Fetching water

Gladstone Travel Blog

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Calm waters on Little Bay de Noc

Water from my well is terrible. It's high mineral content could etch a rust color into stainless steel sinks, surly unfit for human consumption. A filter froze one winter and split wide open. Since then, I fetch good water from the campground at Twin Springs Park on Stonington Peninsula. To reach it by road would be a scenic 18 mile drive - an adventure in itself - but I prefer hauling empty one-gallon jugs over there by kayak since it's located just a mile across Little Bay de Noc. I combine the chore with play on the bay.

In the exact opposite direction, it's less than two miles from Gladstone Point to a private dock at the Rod & Reel Motel in Kipling. The route passes the Gladstone coal dock where Great Lake ore boats off-load stockpiles of road salt and heating coal for upcoming winters.

Dock at the Rod & Reel
Those ships are a rare, impressive sight on the otherwise quiet bay. Off Butler Island, seagulls wade in shallow waters to mark my approach to  the  protected cove at Kipling. It's a short walk from the Rod & Reel to the Kipling Bar. After catching up with friends over a bratwurst and a beer I paddled across the bay, now more than two miles away.

An occasional jet ski zips by on weekends but cabin cruisers or sailboats can appear most anytime. Depending on the time of year, pairs of anglers bobbing in small runabouts test the waters for lake trout, perch, northern pike, or walleye. Whenever I hear rock and roll music out there I do my own angling - toward Rocky and Jodi's pontoon boat. They are the only ones that I know who get maximum use of their boat, taking it out several times a week depending on Rocky's work schedule at the paper mill.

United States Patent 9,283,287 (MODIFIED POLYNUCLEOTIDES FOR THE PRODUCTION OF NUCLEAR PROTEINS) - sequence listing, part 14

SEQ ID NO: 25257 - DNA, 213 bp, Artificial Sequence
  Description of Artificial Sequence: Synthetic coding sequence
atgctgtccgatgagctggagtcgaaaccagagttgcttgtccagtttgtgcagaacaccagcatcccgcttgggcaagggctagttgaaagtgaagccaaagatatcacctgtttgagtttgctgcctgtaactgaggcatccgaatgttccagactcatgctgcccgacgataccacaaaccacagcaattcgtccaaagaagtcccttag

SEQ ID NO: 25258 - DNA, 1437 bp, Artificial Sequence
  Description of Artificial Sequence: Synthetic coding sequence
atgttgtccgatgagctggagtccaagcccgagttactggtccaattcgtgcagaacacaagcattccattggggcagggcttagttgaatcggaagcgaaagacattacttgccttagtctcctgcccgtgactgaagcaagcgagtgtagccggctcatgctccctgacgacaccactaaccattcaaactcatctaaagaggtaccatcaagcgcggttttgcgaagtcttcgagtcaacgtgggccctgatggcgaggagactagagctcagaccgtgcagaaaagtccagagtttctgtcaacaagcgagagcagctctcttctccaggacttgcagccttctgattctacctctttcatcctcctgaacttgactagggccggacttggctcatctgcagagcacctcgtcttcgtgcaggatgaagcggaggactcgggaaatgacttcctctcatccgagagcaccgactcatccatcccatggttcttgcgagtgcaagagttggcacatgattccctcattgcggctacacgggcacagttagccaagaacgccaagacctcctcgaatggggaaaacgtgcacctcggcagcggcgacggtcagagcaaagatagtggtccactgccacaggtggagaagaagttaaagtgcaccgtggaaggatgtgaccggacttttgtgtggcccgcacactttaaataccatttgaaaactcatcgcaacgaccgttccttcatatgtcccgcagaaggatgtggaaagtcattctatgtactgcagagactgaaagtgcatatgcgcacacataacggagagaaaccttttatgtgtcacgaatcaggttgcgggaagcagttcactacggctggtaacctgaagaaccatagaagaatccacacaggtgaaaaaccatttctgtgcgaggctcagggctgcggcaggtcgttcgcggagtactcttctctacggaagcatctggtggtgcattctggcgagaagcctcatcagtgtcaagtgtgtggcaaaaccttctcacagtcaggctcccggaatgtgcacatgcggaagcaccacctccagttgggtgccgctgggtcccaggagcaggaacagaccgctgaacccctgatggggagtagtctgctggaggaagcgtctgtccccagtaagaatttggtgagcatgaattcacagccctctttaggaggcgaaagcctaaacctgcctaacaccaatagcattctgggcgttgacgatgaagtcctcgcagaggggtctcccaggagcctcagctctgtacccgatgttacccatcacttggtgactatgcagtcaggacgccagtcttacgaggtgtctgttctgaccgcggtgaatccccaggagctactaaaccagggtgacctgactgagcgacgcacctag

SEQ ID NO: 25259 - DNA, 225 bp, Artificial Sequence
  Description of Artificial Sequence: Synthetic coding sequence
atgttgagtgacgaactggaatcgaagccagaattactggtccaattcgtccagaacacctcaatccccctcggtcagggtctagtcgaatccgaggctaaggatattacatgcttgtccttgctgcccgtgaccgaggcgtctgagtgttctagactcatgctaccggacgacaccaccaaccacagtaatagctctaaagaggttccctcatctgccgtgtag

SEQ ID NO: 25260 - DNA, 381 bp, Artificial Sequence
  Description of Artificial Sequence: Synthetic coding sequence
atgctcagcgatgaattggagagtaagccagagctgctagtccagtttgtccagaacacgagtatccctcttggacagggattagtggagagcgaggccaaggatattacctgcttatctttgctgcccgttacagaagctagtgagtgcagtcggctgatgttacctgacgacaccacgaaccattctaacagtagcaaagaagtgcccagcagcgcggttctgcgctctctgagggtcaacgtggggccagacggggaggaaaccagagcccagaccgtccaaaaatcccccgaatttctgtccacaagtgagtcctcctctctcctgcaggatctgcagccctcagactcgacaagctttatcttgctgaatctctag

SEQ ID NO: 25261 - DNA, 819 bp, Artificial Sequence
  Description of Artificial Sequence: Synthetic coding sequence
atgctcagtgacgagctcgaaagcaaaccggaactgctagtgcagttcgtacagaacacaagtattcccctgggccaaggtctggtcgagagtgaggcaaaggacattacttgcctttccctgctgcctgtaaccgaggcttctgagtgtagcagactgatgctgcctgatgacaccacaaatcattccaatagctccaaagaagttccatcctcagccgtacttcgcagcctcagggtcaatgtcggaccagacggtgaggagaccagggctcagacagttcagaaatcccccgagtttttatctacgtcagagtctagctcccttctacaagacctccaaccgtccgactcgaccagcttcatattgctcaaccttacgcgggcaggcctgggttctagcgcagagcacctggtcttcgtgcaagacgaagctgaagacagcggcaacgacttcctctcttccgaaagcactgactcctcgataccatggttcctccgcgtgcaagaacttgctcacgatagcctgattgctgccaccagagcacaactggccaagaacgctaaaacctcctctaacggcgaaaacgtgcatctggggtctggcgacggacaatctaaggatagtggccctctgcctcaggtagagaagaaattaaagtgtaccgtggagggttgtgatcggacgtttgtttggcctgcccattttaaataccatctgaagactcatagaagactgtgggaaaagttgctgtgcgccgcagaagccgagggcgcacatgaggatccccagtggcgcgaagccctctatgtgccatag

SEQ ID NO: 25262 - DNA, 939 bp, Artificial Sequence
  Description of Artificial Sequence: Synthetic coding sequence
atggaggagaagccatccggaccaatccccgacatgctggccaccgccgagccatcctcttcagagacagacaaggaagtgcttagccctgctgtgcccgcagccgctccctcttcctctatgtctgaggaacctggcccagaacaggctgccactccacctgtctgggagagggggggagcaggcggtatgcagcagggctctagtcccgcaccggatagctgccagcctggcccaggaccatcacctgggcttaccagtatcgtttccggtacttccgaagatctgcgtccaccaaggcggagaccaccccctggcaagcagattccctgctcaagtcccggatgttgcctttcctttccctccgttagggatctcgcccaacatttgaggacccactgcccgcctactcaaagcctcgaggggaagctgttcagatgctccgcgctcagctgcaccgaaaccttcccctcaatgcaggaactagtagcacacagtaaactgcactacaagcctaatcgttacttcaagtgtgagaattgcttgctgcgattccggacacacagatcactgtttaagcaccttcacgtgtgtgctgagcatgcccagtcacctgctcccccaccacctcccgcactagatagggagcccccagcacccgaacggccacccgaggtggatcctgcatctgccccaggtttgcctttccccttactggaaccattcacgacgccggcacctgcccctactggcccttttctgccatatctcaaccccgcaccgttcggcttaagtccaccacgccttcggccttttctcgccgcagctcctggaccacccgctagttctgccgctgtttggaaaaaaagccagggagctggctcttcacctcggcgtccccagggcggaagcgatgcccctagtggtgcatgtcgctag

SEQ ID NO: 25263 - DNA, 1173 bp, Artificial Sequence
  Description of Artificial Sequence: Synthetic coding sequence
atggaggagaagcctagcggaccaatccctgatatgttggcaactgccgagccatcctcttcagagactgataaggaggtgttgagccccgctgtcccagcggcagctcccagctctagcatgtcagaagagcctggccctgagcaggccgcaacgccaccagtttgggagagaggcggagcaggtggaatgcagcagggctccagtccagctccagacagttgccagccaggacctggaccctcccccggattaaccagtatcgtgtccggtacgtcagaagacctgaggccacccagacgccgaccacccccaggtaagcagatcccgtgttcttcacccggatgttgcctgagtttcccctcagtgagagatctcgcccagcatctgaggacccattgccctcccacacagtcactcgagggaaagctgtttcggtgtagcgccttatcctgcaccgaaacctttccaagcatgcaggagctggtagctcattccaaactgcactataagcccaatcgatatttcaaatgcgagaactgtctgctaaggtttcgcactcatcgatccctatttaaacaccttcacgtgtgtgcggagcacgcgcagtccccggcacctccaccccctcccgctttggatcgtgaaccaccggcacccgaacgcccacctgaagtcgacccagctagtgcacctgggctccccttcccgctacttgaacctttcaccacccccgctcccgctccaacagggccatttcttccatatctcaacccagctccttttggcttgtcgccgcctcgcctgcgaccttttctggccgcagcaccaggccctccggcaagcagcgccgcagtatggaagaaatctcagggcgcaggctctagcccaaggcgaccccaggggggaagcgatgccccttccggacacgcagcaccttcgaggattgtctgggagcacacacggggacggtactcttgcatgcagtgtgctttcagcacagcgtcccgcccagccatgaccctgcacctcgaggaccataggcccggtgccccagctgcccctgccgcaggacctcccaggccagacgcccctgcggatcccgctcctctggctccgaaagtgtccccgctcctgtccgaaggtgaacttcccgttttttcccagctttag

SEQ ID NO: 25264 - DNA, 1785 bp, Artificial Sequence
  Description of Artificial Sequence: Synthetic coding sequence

Rocky at the helm
Hosting family and friends, they often drifted on the bay with a boom-box full of great tunes and a cooler filled with beer. Catching a ride was always a thrill for a visit, a swim, and a cold one.  It was they who pointed out the spring water source to me last year.

On this crossing, their music, cheers, and good-time laughter led me to Hunter's Point. Fine beach sand spilled right up to the tree-line. It was a great out-of-the-wind spot to sight the occasional bald eagle, white-tail deer, or Canadian geese fostering their young. The pontoon was tied off to a willow bush and Rocky and Jodi were eased into lawn chairs before a small camp fire. Sarah, her boyfriend Kyle with their young daughter, and several others joined them. It was a perfect setting for three generations and friends to regularly gather. After a couple hour visit, I continued down the Stonington shore to the Twin Springs campground and refilled six jugs with fresh spring water. For a tropical kind of guy, summertime in the Upper Peninsula is still paradise and finding good water and cold beer always a highlight.

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Calm waters on Little Bay de Noc
Calm waters on Little Bay de Noc
Dock at the Rod & Reel
Dock at the Rod & Reel
Rocky at the helm
Rocky at the helm
Into Kipling
Into Kipling
Catamaran off Gladstone Point
Catamaran off Gladstone Point
Pontoon
Pontoon
Sail boat on Little Bay de Noc
Sail boat on Little Bay de Noc
Pontoon at Gladstone Campground
Pontoon at Gladstone Campground
Welcome aboard
Welcome aboard
Kyle and Sarah
Kyle and Sarah
Bald eagle
Bald eagle
Canadian geese and their young
Canadian geese and their young
Jodi
Jodi
Hunters Point
Hunter's Point
At Hunters Point
At Hunter's Point
Sarah
Sarah
Shoving off
Shoving off
Spring water
Spring water
Six-pack to go
Six-pack to go
Gladstone
photo by: rotorhead85